"The only things in my life that compatibly exist with this grand universe are the creative works of the human spirit." - Ansel Adams

Others call me an engineer.


The past decade of my life has indeed been devoted to science, in full-fledged preparation as an engineer. Almost inordinately passionate about my education, my parents deserve credit for raising me as an objective thinker. From seeking to define the undefined in the field of engineering, my foundation in analytical thinking transferred to all aspects of my life with one exception.


From as far back as I can remember, I have always been strongly attracted to art. Even at a young age, the eagerness with which I filled every blank paper with my interpretation of the world was unquenchable. My worried parents actively tried to discourage my interests, which they considered a potential distraction to excelling academically. As time passed, the voice was ignored, shoved aside by the trials and tribulations, constantly agonizing over the theorems and equations of engineering. Yet my attraction to the beauty of the world from my own perspective always resurfaced, escaping conventional reasoning.


My life thus far has provided ample opportunities to learn. In the course of pursuing a doctoral degree at one of the best universities in my second home country, I have been fortunate enough to meet a number of spectacular individuals. Intense competition in the program drove me to push my own limits. But undeniably, all else paled in comparison to the undescribable beauty of nature in the golden state. Yosemite National Park reopened my eyes and unleashed a life-long passion. My heart was constantly at the snow-covered peaks by Lake Tahoe, or beating with the pounding waves along the Pacific coastline. At some moment, the answer dawned on me: I wanted to call myself a photographer.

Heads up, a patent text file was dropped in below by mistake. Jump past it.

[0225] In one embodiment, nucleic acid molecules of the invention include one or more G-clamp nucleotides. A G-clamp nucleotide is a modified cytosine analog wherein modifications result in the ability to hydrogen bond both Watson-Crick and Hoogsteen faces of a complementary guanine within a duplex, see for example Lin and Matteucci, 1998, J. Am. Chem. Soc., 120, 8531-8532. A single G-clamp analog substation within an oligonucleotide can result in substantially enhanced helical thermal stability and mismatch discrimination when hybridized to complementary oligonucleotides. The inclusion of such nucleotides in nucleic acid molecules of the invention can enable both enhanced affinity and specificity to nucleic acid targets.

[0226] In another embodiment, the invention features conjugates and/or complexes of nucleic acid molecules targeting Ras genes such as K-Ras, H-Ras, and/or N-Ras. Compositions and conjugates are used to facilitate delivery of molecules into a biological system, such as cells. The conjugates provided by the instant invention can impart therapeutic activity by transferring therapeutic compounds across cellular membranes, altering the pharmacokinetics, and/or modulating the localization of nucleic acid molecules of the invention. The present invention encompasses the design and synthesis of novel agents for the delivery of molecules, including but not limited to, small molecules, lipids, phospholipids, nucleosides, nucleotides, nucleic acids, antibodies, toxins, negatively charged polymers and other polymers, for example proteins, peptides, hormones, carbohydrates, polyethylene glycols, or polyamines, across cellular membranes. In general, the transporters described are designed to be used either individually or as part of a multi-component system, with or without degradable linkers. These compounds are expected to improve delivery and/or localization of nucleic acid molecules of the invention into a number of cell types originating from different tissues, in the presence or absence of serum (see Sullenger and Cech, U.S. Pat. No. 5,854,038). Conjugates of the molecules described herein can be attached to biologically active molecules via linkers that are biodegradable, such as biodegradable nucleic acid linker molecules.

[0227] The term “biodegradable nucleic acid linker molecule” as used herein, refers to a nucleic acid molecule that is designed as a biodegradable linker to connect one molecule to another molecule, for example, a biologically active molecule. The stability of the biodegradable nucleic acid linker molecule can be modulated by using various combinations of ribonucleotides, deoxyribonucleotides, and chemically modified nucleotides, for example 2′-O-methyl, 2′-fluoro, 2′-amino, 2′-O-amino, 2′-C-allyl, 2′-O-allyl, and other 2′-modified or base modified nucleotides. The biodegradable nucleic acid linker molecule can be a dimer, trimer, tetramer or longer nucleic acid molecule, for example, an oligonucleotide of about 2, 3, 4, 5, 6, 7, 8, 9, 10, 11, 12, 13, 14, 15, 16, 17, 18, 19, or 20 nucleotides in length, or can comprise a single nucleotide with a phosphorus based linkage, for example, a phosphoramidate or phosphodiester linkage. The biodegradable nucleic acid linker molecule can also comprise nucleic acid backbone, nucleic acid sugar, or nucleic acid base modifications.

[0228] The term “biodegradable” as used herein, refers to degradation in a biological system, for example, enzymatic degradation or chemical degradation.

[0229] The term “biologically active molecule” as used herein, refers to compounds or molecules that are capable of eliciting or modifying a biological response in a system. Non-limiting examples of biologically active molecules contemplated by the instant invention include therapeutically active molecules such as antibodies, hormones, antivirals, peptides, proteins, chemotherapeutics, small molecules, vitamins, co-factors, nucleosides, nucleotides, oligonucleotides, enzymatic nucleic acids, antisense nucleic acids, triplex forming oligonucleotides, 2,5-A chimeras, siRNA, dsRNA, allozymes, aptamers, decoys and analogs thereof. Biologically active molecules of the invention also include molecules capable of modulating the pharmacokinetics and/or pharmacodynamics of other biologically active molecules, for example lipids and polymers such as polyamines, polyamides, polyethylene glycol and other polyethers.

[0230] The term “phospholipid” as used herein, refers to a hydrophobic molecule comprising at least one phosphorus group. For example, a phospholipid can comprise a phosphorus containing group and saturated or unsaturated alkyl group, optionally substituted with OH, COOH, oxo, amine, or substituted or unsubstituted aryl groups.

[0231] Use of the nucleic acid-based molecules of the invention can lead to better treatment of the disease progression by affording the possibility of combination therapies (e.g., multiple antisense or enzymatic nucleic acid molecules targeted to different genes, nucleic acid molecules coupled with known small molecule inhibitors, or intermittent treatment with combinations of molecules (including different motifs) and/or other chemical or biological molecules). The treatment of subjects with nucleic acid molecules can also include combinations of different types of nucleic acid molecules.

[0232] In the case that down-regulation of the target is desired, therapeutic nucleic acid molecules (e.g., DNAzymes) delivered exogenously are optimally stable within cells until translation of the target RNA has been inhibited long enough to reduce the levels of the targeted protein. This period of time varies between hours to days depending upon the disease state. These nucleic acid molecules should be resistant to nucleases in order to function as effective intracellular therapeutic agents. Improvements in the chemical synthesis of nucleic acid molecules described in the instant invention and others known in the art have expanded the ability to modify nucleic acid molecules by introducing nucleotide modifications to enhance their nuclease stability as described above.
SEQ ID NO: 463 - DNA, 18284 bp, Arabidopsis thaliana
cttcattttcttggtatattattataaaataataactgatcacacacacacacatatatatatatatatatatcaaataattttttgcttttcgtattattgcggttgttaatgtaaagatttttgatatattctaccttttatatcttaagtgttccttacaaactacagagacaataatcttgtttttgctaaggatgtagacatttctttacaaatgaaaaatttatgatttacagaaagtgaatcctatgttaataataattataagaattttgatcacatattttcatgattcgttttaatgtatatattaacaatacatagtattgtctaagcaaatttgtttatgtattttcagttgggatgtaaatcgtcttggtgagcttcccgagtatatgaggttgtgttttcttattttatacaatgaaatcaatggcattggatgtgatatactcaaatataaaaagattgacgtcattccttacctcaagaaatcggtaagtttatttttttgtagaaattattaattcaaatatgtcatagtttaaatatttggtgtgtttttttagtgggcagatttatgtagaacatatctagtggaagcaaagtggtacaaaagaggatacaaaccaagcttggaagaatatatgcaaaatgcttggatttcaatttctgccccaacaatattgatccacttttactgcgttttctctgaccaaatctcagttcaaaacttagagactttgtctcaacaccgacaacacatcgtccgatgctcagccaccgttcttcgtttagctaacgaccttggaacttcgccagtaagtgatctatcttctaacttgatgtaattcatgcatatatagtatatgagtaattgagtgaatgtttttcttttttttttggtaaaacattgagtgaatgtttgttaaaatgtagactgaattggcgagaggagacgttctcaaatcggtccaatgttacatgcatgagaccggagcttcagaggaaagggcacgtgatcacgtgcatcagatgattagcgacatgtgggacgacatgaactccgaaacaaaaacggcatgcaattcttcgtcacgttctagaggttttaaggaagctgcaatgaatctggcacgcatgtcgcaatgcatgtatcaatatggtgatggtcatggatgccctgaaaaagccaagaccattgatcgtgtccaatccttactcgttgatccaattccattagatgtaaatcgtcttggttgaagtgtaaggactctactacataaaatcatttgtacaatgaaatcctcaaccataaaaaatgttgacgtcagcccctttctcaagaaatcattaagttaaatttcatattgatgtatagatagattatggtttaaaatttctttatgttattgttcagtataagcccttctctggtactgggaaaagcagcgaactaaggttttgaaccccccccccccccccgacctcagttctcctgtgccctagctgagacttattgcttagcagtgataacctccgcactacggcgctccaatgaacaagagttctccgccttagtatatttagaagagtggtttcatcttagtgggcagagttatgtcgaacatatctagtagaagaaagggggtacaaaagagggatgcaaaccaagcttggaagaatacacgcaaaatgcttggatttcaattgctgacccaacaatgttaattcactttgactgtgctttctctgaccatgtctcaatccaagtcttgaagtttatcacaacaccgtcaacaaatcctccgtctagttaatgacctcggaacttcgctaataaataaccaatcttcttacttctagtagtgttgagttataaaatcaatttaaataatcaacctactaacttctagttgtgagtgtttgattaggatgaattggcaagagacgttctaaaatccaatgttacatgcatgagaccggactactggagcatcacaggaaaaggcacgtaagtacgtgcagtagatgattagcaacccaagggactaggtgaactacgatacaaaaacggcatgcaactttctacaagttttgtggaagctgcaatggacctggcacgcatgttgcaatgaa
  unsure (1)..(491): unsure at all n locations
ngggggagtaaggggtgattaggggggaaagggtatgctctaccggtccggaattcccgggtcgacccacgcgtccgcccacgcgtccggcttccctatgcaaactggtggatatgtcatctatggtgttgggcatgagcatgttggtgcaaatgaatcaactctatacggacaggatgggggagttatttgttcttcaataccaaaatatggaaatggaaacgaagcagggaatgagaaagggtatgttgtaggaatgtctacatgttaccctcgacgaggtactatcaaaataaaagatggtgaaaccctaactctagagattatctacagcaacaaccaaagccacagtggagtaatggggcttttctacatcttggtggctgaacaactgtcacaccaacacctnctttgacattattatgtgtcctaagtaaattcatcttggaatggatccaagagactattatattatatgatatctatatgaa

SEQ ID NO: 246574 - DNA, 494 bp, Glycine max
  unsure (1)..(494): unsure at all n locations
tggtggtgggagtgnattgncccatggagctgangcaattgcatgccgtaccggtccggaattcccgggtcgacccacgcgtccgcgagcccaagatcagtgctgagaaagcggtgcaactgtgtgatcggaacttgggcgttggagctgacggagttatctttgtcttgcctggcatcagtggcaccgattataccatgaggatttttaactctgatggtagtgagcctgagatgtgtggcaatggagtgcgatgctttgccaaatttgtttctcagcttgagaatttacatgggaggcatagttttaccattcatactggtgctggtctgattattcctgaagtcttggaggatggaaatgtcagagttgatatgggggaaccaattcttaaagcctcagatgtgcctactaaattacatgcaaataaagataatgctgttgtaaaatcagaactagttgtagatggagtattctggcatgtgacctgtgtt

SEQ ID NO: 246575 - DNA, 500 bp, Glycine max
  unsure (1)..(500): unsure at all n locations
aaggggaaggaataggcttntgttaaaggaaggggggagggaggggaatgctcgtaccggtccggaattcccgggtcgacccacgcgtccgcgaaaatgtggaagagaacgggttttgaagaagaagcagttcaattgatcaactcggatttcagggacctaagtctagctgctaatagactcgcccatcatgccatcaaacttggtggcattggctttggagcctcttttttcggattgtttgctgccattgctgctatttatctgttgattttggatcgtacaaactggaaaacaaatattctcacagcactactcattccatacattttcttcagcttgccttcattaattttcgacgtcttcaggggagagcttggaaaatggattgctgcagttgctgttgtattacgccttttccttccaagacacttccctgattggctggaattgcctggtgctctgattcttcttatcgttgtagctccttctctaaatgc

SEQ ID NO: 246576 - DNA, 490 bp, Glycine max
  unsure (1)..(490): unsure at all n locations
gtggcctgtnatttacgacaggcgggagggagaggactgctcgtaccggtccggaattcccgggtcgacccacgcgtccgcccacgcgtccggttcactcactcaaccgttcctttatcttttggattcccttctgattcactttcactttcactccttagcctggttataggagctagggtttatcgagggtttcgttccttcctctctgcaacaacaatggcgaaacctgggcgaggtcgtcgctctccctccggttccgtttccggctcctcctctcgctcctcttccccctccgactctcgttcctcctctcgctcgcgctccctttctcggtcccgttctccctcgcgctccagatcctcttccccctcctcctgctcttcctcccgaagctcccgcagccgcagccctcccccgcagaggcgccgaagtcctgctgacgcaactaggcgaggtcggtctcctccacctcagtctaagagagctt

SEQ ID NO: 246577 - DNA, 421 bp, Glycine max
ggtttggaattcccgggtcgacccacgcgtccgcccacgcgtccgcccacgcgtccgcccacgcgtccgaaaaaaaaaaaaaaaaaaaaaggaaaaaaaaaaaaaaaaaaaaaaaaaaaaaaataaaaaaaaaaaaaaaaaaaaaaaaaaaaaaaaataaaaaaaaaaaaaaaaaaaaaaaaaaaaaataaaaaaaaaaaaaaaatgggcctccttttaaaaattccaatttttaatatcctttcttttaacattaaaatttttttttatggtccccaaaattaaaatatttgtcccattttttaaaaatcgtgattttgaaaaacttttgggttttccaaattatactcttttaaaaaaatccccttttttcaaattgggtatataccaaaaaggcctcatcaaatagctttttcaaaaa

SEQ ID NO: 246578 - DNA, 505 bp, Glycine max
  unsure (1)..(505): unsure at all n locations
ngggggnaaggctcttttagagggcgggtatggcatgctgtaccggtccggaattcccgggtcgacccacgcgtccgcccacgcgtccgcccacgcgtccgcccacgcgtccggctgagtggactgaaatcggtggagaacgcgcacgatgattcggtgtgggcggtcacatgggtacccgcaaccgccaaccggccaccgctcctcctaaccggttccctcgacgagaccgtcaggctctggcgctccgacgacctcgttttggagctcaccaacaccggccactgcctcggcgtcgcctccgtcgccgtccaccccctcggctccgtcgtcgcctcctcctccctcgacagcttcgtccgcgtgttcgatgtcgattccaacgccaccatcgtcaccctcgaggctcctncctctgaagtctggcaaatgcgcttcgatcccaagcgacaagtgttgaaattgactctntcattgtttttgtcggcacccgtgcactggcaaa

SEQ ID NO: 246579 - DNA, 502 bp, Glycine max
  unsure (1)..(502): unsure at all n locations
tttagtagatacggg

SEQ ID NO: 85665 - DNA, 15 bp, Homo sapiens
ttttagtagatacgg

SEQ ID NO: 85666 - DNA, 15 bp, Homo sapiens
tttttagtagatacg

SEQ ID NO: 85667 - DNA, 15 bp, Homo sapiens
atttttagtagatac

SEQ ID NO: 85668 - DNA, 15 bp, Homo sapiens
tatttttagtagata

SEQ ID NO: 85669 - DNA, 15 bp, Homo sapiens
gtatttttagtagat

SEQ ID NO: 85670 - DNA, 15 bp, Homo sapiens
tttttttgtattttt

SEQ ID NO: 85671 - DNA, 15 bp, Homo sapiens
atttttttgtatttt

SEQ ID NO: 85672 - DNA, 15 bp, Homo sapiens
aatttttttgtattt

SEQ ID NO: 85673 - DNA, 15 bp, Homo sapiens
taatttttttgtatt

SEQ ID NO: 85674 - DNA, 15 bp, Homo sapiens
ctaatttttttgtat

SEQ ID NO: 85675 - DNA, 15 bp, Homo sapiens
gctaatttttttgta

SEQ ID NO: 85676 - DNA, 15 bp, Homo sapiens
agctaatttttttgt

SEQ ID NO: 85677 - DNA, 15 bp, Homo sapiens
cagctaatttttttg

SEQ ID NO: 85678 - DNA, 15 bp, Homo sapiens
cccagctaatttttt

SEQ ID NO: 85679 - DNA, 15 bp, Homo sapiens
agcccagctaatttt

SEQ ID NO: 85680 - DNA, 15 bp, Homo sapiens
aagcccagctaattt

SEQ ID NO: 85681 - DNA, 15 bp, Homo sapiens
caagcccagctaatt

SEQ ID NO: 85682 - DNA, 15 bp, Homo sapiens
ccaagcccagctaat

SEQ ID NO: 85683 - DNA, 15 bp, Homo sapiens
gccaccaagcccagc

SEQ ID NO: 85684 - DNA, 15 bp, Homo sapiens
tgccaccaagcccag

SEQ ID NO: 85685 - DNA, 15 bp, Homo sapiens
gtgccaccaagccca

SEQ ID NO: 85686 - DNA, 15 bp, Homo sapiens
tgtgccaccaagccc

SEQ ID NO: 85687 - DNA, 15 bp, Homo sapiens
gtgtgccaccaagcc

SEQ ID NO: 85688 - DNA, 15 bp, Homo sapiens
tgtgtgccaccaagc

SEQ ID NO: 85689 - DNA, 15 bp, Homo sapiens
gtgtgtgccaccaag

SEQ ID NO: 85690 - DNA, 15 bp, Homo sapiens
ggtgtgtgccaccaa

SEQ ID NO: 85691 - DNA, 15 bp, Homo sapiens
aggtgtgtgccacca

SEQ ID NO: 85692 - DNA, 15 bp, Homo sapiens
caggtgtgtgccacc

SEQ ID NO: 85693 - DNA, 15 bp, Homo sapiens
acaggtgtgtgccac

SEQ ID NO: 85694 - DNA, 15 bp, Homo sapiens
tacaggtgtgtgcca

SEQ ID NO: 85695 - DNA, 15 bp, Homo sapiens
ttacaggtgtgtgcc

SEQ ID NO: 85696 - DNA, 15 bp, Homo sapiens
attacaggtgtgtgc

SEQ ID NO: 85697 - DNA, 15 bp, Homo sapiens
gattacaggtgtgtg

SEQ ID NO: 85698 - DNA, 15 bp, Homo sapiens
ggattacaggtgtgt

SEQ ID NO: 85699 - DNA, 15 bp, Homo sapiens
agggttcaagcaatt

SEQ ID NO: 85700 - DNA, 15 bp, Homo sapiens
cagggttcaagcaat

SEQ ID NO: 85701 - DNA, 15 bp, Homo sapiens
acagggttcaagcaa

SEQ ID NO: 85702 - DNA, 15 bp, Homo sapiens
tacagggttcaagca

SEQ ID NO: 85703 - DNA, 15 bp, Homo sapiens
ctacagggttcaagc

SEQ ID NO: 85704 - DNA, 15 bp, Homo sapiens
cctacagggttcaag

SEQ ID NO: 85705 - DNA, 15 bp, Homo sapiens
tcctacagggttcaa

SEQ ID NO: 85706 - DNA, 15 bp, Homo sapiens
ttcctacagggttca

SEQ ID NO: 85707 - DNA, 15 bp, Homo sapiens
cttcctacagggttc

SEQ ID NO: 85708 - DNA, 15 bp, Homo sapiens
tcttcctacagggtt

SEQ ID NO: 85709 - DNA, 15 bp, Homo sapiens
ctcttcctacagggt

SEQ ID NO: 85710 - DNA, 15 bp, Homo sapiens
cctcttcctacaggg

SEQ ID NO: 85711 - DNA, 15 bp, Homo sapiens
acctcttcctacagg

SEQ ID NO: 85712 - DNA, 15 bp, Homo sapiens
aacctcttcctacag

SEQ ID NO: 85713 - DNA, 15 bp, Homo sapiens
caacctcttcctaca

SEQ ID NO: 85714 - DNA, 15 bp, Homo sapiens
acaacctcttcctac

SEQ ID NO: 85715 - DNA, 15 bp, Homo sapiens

"It is every man's obligation to put back into the world at least the equivalent of what he takes out of it." - Albert Einstein

I have given an admittedly subjective definition to the word 'photographer', which is two-fold.


Oftentimes in the world, many elements of nature come together, coalescing to create a breathtaking ensemble in a uniquely memorable way. These occurrences are momentary glimpses of the profound beauty of this world and the universe that we live in, which may alter one's perceptions of the planet and our lives permanently. These brief moments generally are caught only by those who are simply lucky, or by those who explore with patience and tenacity. However, many people miss the magnificence for a number of reasons, one being that they may simply not be aware. Therefore, the photographer, in my opinion and definition, is a person who records and shares these special moments with the rest of the world.


A large number of people around the globe unfortunately still struggle for basic daily necessities and amenities, and because of the overwhelming weight of life on their shoulders, experience life through an entirely different lens. I am well aware of those who do not even dream of having the small things that I take for granted everyday. As much as providing opportunities to share the beauty of nature with others generally, I personally believe that more importantly, a photographer seeks to enable those who are less fortunate the opportunity to appreciate nature's wonders as well. This is precisely what motivates my goal of creating a fine art photography organization, which seeks to share the awe of nature with more people through landscape photography and simultaneously alleviate the burden of the underprivileged through charitable donations of profits.


These ambitions have raised a number of eyebrows. It's true that engineering ensures the income and stable life valued by many. Yet increasingly, this is not what I look for.

The beauty of nature, our planet and the universe trespasses the differences between individuals and is to be shared by all who live within. And opens the eyes of those who have not seen.